In search of embodied conversational and explainable agents for health behaviour change and adherence

Amal Abdulrahman, Deborah Richards*

*Corresponding author for this work

Research output: Contribution to journalReview articlepeer-review

1 Downloads (Pure)


Conversational agents offer promise to provide an alternative to costly and scarce access to human health providers. Particularly in the context of adherence to treatment advice and health behavior change, they can provide an ongoing coaching role to motivate and keep the health consumer on track. Due to the recognized importance of face-to-face communication and establishment of a therapist-patient working alliance as the biggest single predictor of adherence, our review focuses on embodied conversational agents (ECAs) and their use in health and well-being interventions. The article also introduces ECAs who provide explanations of their recommendations, known as explainable agents (XAs), as a way to build trust and enhance the working alliance towards improved behavior change. Of particular promise, is work in which XAs are able to engage in conversation to learn about their user and personalize their recommendations based on their knowledge of the user and then tailor their explanations to the beliefs and goals of the user to increase relevancy and motivation and address possible barriers to increase intention to perform the healthy behavior.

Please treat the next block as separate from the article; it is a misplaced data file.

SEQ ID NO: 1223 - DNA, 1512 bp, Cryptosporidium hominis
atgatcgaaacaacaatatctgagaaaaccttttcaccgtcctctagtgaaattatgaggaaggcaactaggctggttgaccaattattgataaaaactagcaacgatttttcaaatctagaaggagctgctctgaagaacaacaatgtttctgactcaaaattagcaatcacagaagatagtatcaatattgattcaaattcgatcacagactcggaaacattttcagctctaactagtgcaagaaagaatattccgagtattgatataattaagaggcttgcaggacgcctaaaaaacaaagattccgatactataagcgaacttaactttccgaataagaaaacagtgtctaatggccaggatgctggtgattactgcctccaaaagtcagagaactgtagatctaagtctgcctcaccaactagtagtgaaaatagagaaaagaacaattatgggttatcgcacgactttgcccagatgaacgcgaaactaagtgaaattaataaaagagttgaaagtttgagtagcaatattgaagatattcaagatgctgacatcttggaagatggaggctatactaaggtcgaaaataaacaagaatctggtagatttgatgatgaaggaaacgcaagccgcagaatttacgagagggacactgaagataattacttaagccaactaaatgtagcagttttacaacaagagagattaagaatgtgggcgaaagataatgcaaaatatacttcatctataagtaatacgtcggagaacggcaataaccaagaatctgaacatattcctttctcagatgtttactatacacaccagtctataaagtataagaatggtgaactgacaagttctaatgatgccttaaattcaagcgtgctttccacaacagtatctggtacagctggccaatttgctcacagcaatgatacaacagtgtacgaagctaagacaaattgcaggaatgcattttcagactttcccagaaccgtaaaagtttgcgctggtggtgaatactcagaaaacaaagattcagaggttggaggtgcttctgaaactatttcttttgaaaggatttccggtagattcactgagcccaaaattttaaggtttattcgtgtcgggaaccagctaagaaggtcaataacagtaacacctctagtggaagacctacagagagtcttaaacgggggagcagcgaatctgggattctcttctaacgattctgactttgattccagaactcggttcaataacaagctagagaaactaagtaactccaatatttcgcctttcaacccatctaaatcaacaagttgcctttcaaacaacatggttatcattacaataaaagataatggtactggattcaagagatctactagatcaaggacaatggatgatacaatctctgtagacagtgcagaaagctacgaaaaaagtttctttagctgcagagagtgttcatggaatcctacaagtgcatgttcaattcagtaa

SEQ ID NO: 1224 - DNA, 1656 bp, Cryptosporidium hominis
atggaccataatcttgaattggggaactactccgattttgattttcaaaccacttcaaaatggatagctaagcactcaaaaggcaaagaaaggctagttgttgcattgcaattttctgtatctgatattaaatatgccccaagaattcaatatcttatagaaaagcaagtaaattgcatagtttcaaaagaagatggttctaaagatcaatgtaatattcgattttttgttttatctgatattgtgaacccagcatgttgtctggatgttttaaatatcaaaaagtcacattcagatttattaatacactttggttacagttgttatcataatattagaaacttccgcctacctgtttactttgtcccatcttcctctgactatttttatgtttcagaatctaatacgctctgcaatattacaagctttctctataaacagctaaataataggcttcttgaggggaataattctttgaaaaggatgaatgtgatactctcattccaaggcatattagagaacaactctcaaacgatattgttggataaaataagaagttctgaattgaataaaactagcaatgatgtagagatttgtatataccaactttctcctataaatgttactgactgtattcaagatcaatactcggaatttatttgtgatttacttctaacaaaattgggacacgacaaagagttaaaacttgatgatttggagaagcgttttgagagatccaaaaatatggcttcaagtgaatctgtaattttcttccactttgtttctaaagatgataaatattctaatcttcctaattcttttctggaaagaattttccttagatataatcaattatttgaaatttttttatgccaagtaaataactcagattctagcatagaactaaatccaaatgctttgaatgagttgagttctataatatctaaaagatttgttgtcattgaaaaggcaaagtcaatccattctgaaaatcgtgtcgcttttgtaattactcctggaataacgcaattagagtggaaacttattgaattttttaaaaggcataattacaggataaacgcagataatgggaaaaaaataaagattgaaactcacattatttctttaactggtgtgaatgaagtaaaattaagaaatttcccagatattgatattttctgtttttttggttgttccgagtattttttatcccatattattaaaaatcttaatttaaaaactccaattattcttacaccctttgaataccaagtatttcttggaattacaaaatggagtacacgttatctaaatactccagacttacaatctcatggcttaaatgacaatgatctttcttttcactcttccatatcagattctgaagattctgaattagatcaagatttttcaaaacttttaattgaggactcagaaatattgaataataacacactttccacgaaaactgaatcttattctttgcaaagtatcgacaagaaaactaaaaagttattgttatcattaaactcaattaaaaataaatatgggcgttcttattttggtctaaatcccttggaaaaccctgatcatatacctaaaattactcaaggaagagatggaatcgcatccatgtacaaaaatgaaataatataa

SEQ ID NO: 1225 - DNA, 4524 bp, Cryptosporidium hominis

Original languageEnglish
Article number56
Pages (from-to)1-20
Number of pages20
JournalMultimodal Technologies and Interaction
Issue number9
Publication statusPublished - Sep 2021

Bibliographical note

Copyright the Author(s) 2021. Version archived for private and non-commercial use with the permission of the author/s and according to publisher conditions. For further rights please contact the publisher.


  • Health behaviour change
  • Embodied conversational agents
  • Explainable agents
  • Working alliance


Dive into the research topics of 'In search of embodied conversational and explainable agents for health behaviour change and adherence'. Together they form a unique fingerprint.

Cite this